We report the genetic analyses of a Finnish girl who was diagnosed with neuroblastoma at the age of 2 years and 10 months. At diagnosis, she had advanced stage neuroblastoma, but with extensive therapy, she was cured of the disease. She was subsequently diagnosed with a psychomotor retardation/multiple congenital anomaly syndrome, Smith-Magenis syndrome (SMS), which was confirmed by karyotyping; the patient displayed a 17p11.2 germline deletion, characteristic of this syndrome. Because of the possible association of the neuroblastoma and the germline deletion, 17p11.2 was further evaluated in the patient’s normal tissue DNA by performing microsatellite marker analyses and array comparative genomic hybridisation (CGH). In addition, data from serial analysis of gene expression (SAGE) of neuroblastoma cell lines was analysed to identify those 17p11.2 genes that could have a role in neuroblastoma differentiation pathways. We also analysed sporadic neuroblastomas for loss of heterozygosity (LOH) in the 17p11.2 region.

Key points

  • Neuroblastoma is the most common solid tumour type in children, and is characterised by diverse clinical behaviour and multiple genetic alterations. Despite numerous studies on the molecular background of neuroblastoma, the causative changes have not been fully characterised, making additional analyses necessary.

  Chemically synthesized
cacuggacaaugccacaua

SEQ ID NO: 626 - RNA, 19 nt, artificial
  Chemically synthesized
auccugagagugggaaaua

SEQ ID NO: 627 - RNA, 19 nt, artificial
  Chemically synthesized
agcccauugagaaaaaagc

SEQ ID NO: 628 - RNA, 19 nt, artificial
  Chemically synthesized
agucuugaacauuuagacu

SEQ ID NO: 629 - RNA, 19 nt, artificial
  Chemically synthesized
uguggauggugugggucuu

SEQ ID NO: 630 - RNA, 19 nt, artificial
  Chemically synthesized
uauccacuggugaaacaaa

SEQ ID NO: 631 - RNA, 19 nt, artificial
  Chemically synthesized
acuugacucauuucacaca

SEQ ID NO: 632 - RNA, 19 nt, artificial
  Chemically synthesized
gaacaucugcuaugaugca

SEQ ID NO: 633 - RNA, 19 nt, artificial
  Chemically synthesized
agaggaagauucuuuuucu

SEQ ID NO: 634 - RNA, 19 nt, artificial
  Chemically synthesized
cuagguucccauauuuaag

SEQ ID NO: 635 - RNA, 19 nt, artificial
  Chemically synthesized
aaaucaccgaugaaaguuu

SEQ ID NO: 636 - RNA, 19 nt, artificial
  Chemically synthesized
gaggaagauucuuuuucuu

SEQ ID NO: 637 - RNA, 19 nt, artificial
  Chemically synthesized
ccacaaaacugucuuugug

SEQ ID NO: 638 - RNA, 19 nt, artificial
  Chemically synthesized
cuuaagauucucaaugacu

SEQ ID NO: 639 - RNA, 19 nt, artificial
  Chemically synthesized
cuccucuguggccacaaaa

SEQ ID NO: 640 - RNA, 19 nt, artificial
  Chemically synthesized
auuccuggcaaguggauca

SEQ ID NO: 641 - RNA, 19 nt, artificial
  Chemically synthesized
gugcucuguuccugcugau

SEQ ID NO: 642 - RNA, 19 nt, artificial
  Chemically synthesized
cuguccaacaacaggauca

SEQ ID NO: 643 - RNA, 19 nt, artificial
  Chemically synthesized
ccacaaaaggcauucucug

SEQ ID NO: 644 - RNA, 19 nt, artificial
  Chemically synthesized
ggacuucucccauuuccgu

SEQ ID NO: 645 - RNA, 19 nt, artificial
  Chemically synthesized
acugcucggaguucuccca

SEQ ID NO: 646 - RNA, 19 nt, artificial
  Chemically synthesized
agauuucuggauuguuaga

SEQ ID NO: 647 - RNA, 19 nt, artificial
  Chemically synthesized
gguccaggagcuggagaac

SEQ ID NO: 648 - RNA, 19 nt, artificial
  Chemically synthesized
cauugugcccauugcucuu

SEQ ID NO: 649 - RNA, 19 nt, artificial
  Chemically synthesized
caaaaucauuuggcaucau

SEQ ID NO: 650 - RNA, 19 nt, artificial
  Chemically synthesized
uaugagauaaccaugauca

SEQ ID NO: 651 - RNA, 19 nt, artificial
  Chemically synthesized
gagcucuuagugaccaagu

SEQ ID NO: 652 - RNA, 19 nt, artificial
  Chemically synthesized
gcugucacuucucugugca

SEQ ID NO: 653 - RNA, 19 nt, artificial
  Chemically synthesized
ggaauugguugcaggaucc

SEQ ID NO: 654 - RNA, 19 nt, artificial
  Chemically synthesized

• We report the genetic analyses of a Finnish girl who was diagnosed with an advanced stage neuroblastoma at the age of 34 months. The patient was also diagnosed with Smith-Magenis syndrome at 9 years of age, and a germline deletion in 17p11.2 was detected as the underlying cause. Because of the possible association of the neuroblastoma and the germline deletion, 17p11.2 was further evaluated in the patient’s normal tissue DNA, and in sporadic neuroblastomas and neuroblastoma cell lines.

  • Using microsatellite marker analysis in the patient’s normal tissue DNA, the 17p11.2 deletion was found to span 4.2 Mb between markers D17S1857 and D17S842. Altogether, 11 sporadic neuroblastomas were analysed for loss of heterozygosity in the deleted region, but no allelic imbalance was detected. No other copy number changes were detected in the patient’s normal tissue DNA by array comparative genomic hybridization.

  • Data from serial analysis of gene expression on neuroblastoma cell lines revealed that five genes in the deleted 17p11.2 region might have a role in neuroblastoma development. Of the identified genes, Ubb and Usp22 are involved in protein degradation, while Tom1l2, Mfap4, and Prpsap2 have functions related to protein trafficking, cell adhesion, and synthesis of nucleotides, respectively.

  • Studying a more extensive series of neuroblastomas can help assess the importance of the affected region and the candidate genes.

METHODS